With the boat at right angles, we measure the length of the edge of the board and the height of the tape above the waterline.
Since the board edge is 1m, then the height of the top of the tape is 513/438 = 1.17m, and yet in C2, etc, Sandor claims the top of the tape was calibrated at 1.30m. This is due to the use of the tape measure at an angle, as noted above.
The laser itself was measured at 1.25m.
So the laser was pointing down.
Hence all the measurable experimental results are consistent with the globe earth model.
I'd count that as a Metabunk 'debunk' and say good luck with future experiments.
If we go back to what happens if the laser is pointed down a bit:
The blue curved line is the expected drop of the earth. The other lines are the laser pointing down varying amounts. Notice that the drop of the laser tends to "hide the drop" of the earth over the first mile or two. This is faily consistent with what we saw in the experiment, with the laser staying at the top of the board for a while, then eventually rising above it (at which point it became unmeasurable due to divergence, and no target).
Yes I don't think there much more point analyzing this any more.
I'd like to commend Sandor and the others for the amount of work they put into this, and the openness. Had Sandor not shared most of the photos and videos then it might have simply been another flat earther video with unanswered questions. But here we can definitively say that the claimed measurements are invalid (and in some cases demonstrably wrong).
It does however provide a useful learning experience for anyone who would want to try a similar experiment. Ultimately it's somewhat pointless as the Wallace method is a lot more accurate, but I would love to see someone actually do this experiment correctly with more rigorous measurements and a bigger boat.
The original experiment was supposed to be between two points on the shore of the lake, 23 km apart, as explained here:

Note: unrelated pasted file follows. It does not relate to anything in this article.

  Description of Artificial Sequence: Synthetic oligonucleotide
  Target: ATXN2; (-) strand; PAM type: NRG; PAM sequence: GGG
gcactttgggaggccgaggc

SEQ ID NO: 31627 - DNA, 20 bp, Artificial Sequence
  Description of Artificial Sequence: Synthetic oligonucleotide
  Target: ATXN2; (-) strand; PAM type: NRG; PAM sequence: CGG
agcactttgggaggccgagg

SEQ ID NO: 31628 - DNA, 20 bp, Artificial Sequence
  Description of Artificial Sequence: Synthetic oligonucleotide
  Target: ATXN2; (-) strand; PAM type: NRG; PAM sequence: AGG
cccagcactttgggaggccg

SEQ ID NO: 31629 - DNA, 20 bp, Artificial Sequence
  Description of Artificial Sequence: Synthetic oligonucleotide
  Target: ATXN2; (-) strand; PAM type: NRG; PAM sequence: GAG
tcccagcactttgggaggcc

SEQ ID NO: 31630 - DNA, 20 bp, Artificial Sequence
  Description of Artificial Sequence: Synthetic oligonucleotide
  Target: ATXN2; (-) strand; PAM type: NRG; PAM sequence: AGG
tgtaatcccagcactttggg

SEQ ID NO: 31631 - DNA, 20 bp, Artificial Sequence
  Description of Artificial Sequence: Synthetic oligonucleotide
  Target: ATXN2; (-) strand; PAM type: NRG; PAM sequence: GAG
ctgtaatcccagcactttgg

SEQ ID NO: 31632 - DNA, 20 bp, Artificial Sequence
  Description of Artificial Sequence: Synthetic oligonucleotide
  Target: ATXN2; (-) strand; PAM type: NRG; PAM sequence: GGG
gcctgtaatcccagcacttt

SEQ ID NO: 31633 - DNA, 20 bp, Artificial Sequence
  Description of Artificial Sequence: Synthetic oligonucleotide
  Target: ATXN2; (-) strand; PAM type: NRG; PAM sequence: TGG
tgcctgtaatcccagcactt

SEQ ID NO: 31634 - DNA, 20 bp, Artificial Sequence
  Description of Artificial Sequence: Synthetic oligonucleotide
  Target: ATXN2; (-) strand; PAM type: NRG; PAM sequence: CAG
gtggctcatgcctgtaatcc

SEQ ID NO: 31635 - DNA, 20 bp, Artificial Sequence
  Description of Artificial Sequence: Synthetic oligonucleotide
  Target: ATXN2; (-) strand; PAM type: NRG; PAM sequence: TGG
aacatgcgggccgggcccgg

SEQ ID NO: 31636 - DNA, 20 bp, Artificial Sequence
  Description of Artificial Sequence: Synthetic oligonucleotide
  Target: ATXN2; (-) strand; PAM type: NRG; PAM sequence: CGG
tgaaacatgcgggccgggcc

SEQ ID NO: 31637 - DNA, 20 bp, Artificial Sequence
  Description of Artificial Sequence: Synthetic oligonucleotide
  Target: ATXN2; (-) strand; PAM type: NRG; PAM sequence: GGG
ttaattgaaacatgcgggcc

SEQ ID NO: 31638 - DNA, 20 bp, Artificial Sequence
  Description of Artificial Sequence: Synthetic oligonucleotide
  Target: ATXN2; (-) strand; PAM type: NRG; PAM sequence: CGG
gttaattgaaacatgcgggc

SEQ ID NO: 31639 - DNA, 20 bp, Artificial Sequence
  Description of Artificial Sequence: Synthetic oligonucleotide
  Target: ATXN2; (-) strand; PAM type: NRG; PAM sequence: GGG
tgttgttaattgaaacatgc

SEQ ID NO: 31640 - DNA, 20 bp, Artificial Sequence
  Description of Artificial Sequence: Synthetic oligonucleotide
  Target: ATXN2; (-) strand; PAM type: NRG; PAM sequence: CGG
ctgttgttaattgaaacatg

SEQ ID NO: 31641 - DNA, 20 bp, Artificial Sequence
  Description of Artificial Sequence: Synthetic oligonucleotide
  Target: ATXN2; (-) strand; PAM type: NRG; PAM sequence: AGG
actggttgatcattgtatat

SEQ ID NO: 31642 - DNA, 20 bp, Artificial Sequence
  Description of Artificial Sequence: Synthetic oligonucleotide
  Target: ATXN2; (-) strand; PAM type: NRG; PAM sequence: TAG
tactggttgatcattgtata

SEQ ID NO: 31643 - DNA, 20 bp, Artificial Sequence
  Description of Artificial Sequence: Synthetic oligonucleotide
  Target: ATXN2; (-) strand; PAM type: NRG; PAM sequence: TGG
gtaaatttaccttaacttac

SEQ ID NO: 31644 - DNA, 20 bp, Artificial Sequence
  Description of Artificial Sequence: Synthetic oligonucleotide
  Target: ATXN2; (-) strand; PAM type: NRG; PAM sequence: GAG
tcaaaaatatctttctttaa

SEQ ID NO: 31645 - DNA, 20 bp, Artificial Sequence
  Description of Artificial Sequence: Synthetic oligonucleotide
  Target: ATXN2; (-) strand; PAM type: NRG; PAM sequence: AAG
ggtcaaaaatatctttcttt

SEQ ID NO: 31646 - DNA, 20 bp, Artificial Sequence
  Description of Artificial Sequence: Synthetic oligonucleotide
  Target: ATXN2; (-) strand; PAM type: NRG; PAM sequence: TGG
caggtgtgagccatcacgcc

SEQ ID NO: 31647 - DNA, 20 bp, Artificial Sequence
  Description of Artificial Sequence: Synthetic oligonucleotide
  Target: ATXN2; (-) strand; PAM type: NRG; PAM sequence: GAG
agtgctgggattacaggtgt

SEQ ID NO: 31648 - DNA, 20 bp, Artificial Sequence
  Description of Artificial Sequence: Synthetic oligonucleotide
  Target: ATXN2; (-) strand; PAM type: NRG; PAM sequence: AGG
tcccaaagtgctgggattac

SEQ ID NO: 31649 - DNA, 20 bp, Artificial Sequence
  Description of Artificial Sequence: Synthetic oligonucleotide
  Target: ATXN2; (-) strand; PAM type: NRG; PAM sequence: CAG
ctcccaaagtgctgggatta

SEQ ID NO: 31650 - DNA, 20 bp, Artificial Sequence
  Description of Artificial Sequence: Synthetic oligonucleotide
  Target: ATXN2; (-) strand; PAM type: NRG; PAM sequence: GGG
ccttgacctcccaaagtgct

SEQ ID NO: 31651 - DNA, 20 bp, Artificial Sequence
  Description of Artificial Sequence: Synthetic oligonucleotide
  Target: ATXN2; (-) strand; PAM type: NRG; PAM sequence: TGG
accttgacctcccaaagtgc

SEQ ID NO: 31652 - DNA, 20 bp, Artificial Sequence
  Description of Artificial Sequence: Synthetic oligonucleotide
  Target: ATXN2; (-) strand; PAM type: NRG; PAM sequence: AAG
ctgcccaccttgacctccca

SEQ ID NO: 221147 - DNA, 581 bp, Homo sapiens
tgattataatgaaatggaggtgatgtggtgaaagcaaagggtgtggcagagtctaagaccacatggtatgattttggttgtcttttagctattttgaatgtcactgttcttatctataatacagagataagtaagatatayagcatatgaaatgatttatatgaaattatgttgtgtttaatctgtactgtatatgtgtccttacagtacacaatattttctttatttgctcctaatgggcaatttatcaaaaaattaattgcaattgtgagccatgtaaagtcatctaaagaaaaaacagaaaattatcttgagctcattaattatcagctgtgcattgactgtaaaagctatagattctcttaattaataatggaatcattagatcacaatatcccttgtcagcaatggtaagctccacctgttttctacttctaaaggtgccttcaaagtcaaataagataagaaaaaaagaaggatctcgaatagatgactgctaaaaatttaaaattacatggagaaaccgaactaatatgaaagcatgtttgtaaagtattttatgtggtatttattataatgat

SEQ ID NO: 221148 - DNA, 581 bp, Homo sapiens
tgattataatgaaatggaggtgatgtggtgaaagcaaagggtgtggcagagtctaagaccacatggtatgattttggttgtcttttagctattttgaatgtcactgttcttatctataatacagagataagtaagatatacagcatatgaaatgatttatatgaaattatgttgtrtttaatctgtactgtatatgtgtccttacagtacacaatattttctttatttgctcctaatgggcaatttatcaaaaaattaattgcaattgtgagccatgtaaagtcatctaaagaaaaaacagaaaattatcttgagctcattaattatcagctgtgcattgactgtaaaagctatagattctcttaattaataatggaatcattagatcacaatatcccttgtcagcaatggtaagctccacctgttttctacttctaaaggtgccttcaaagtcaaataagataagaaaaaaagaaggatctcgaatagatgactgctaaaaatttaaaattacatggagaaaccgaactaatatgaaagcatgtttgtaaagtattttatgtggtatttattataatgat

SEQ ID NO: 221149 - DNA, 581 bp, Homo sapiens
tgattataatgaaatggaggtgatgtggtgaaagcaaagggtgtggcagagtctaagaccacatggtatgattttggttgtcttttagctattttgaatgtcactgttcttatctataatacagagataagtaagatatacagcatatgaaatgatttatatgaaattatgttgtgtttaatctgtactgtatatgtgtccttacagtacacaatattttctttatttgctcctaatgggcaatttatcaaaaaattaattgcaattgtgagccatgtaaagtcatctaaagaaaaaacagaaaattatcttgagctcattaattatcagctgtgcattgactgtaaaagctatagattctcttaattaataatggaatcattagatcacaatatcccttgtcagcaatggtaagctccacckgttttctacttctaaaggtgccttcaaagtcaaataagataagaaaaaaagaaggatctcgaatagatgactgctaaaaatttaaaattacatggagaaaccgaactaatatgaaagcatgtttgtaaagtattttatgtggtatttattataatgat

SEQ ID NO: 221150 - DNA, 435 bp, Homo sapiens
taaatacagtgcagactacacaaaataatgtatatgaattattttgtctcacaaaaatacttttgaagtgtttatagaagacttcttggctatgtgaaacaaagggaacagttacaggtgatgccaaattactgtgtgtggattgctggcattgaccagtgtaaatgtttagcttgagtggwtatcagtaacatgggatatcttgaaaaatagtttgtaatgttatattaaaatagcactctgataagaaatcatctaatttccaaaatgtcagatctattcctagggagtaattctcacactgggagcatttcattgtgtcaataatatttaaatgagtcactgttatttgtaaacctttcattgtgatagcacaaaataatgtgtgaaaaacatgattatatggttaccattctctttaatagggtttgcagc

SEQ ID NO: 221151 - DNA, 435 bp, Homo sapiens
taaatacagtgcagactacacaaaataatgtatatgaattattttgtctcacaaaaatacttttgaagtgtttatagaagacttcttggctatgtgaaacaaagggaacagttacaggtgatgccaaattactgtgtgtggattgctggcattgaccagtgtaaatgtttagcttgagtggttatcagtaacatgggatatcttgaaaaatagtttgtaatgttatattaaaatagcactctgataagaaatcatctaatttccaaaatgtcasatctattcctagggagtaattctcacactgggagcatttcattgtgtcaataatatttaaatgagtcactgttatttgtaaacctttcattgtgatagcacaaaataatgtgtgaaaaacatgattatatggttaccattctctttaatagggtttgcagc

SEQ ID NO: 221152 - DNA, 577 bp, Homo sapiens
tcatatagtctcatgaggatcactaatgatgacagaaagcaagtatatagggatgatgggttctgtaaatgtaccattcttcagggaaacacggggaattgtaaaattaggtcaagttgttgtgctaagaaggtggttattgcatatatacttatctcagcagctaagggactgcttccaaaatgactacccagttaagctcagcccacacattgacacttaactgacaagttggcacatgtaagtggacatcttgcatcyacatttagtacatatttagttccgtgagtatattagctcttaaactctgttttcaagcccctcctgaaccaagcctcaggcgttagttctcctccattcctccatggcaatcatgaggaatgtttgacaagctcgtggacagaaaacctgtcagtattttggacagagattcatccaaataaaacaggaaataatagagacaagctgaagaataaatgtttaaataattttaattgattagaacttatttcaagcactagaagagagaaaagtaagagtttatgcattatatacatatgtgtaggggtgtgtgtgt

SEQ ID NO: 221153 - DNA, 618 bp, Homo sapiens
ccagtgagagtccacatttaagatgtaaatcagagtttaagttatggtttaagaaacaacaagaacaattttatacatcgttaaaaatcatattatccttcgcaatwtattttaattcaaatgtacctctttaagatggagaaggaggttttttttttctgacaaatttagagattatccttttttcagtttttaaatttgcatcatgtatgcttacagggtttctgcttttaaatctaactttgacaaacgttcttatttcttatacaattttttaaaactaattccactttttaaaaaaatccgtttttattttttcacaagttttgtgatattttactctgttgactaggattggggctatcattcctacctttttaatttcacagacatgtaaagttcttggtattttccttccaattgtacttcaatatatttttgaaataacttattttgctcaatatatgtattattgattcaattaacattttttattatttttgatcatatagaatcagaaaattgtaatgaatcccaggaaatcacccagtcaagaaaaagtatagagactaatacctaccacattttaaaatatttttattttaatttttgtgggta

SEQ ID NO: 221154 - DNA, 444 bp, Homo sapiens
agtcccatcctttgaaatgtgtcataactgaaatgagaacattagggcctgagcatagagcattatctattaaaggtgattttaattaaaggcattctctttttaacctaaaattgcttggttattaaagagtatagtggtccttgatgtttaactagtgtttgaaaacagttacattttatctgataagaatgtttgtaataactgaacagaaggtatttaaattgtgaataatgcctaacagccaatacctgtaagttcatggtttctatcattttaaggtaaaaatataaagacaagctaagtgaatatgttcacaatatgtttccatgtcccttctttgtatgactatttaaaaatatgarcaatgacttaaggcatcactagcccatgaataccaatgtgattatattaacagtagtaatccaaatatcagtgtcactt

Then a "pre-test" was done with a laser shining on a target on a boat. This was only supposed to be an early test of the equipment and procedures. With a new laser, another boat test was done.
Has the boat test somehow become the main experiment? Has the original plan been abandoned?
Didnt we learn from this current experiment that that video won't work? The laser would have to be alot higher than 3.3 feet above the water and "direct hits into the camera" are not a plausible technique.
And they still have to figure out a real way to get the laser not pointing down.
Their method was fine on paper, just very poor measurements.
well it would be hard to lean over a squishy boat with a guys tape measure and a slanted board and get a good measurement. Maybe next time, sandor.. you use a dressmakers tape and make it into a plumb line, then you can just hang it off the top of the board. ??
I think they would be better off having a board that has measurements on it, and using a second boat. If the board was aptly big to make measurements for the globe model, the second boat could gather all the measurements.
It was fun examining different aspects of the experiment, but it goes to show that you can't just review the numbers in an experiment like this. You really have to look closely at the video and photo evidence to see that everything was done to a high standard. Small things can escape a busy eye/mind that ultimately cause major headaches. No one person had the answer on their own, it took many eyes and many thought processes to get the bigger picture.
oh yea me too. and i think they should have different colored markers to mark the center of the beam spot at the different locations right on the board. I think if everything was done properly you wouldnt need crazy accurate heights (in numbers) (after say c4 location) because it would be super obvious the beam is going up from the marker marks.